Last weekend, Snoopy and I went to our final show of the season. It was also our first real show of the season. We did a schooling show back in March, but then a whole lot of nothing all summer until this sole rated show. It’s our 2010 show season condensed into a single weekend. I decided to go to this show because it’s close to home, offers the classes I like to compete in, and it has a Halloween stall decorating contest. I didn’t win, but you can’t say I didn’t try!
The pumpkin buckets were filled with chocolate for the humans and peppermints for the equines, but even bribing the judges didn’t work!
I’d like to say I did this free hand, but there was a stencil involved.
The show has classes for Arabians, Morgans, Morabs and a few open classes with no breed restrictions. There weren’t very many Morgans there at all, which left me in classes with just one other horse, a cute four-year-old mare at her first indoor show, just getting some show-ring miles put on her. Her greenie mistakes left the door open for Snoopy and me to take home a stack of blue ribbons in spite of performing like a horse and rider at the end of a long summer of laid-back hacking around the farm and very little actual schooling.
A blue ribbon is a blue ribbon. No one needs to know how many were in the class, right?
With such a small show, it was easy to forget that it was actually a recognized show. Exiting the ring after my first class, I got a reminder when I was greeted by a man with a clipboard.
“Hi, I’m with the USEF, and your horse has randomly been selected for drug testing.”
I’d never been through that process before, so while we waited for my bladder shy horse to relieve himself, I asked a lot of questions.
Do they have to wait all day for the horses to pee, or do they give up after a certain amount of time? He said they’ll usually give it up to a few hours, but if they don’t really have any reason to be suspicious, they might just give it an hour. All horses selected for testing have blood drawn as well (Snoopy really didn’t like that part.)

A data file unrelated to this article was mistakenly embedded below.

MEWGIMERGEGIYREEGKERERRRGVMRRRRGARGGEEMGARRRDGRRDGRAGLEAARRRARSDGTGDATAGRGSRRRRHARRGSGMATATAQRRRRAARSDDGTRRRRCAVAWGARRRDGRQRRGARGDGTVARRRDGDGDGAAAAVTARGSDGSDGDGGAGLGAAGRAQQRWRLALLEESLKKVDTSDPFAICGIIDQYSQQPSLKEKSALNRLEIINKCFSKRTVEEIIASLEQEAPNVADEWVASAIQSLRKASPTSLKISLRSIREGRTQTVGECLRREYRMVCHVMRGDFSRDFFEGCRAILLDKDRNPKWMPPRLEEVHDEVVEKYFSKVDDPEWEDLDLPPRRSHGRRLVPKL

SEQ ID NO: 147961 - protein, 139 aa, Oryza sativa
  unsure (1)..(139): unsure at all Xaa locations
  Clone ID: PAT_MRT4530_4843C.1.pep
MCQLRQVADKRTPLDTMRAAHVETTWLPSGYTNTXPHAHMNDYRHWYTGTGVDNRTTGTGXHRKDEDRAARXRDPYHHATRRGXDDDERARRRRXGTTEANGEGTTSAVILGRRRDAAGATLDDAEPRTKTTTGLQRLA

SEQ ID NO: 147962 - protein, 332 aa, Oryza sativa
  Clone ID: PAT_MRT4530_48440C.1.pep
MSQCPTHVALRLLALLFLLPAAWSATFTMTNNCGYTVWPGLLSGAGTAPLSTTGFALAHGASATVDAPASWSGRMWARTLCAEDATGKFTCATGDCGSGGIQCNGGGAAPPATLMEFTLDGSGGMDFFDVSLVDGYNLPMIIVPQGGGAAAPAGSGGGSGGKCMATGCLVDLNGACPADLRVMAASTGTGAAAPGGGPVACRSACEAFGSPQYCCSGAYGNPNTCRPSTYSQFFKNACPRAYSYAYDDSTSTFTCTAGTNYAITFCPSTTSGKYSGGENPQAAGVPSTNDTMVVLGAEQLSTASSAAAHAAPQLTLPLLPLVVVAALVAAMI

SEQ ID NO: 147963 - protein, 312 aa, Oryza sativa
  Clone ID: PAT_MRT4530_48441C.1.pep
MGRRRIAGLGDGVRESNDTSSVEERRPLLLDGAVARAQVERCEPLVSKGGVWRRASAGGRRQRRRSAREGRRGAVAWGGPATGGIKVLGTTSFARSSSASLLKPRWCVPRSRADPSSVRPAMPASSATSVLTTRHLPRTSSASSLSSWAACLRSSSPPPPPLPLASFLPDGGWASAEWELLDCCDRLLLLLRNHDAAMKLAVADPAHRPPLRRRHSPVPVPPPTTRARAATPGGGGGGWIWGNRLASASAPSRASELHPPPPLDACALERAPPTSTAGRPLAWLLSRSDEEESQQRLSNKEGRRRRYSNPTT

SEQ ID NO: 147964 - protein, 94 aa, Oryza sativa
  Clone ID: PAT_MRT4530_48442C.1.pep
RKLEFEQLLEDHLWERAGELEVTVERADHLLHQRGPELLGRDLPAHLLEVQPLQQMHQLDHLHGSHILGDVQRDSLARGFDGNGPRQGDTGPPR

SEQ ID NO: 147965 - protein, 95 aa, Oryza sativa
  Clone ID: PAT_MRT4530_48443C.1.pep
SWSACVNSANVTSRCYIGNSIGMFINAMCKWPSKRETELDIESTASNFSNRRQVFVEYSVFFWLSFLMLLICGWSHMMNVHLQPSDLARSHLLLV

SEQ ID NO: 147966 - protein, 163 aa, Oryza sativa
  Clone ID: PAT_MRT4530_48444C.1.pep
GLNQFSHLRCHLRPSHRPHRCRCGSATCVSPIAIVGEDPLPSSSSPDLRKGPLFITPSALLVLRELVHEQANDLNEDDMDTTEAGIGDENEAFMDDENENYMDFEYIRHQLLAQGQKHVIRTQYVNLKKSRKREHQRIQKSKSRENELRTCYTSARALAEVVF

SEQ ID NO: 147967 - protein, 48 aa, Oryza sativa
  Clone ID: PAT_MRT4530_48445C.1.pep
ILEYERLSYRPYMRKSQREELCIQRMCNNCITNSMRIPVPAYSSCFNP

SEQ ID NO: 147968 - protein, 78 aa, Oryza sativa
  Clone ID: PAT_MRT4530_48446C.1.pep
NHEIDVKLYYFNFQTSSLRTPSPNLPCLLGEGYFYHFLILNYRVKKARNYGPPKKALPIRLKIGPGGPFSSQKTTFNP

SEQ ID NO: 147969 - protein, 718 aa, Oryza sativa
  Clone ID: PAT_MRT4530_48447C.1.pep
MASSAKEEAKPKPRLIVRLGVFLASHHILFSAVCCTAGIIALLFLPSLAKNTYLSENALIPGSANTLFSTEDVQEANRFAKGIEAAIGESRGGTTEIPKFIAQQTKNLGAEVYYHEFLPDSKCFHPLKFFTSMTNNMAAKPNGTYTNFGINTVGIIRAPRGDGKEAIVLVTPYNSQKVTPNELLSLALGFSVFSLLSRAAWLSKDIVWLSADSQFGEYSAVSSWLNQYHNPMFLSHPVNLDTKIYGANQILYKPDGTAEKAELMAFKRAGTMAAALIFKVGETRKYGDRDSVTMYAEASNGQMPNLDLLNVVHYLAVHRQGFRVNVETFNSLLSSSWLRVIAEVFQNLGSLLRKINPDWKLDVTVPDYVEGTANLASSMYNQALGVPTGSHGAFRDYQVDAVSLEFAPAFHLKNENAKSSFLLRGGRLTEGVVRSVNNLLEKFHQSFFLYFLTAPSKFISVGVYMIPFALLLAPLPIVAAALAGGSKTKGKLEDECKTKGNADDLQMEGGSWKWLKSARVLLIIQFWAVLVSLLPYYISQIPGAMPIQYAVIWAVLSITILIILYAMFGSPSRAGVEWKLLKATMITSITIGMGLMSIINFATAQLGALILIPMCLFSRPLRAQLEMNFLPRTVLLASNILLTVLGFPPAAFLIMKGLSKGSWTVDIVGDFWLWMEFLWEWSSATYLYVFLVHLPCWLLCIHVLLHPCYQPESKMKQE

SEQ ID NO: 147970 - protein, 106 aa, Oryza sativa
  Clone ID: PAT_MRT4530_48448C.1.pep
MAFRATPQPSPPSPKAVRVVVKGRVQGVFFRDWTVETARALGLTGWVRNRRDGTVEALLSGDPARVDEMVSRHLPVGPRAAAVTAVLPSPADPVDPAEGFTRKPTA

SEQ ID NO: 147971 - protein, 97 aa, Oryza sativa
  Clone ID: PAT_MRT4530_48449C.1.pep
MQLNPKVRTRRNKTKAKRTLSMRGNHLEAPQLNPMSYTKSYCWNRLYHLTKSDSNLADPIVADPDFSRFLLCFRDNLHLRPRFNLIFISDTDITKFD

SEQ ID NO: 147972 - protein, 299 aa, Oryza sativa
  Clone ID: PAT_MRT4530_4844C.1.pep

Do people ever get angry about being tested? Yes, some people think they’re being targeted. Other times people will just pack up and leave when they find out there are USEF drug testers on the grounds. On the other hand, he said that some people actually request to have their horses tested. Go figure.
I asked about the success rate for getting urine samples. He said it varies depending on the type of show. At Saddlebred shows, for example, they’ll usually get a sample from about half of the horses. At eventing competitions it’s closer to 75%. He didn’t have an explanation for that, but I hypothesized that there are a lot of OTTBs competing in eventing, and Thoroughbreds are whistle trained since they have to be tested when they race. As an aside, how do you whistle train a horse?
As expected, Snoopy held it until we’d left him unattended, but I’ll find out the results of the blood test in a few weeks. My horse has had nothing but grass, hay, his standard joint supplement and a steady stream of carrots, but there’s always that tiny, irrational fear that he found some strange weed in his pasture that will test as some kind of prohibited substance. I think we’ll be okay, though. It was an interesting experience, and I feel like we’ve now become active participants in the war on doping.
Now that our 2010 showing adventure is over, it’s back to lazy trail riding and planning next year’s stall decorations.
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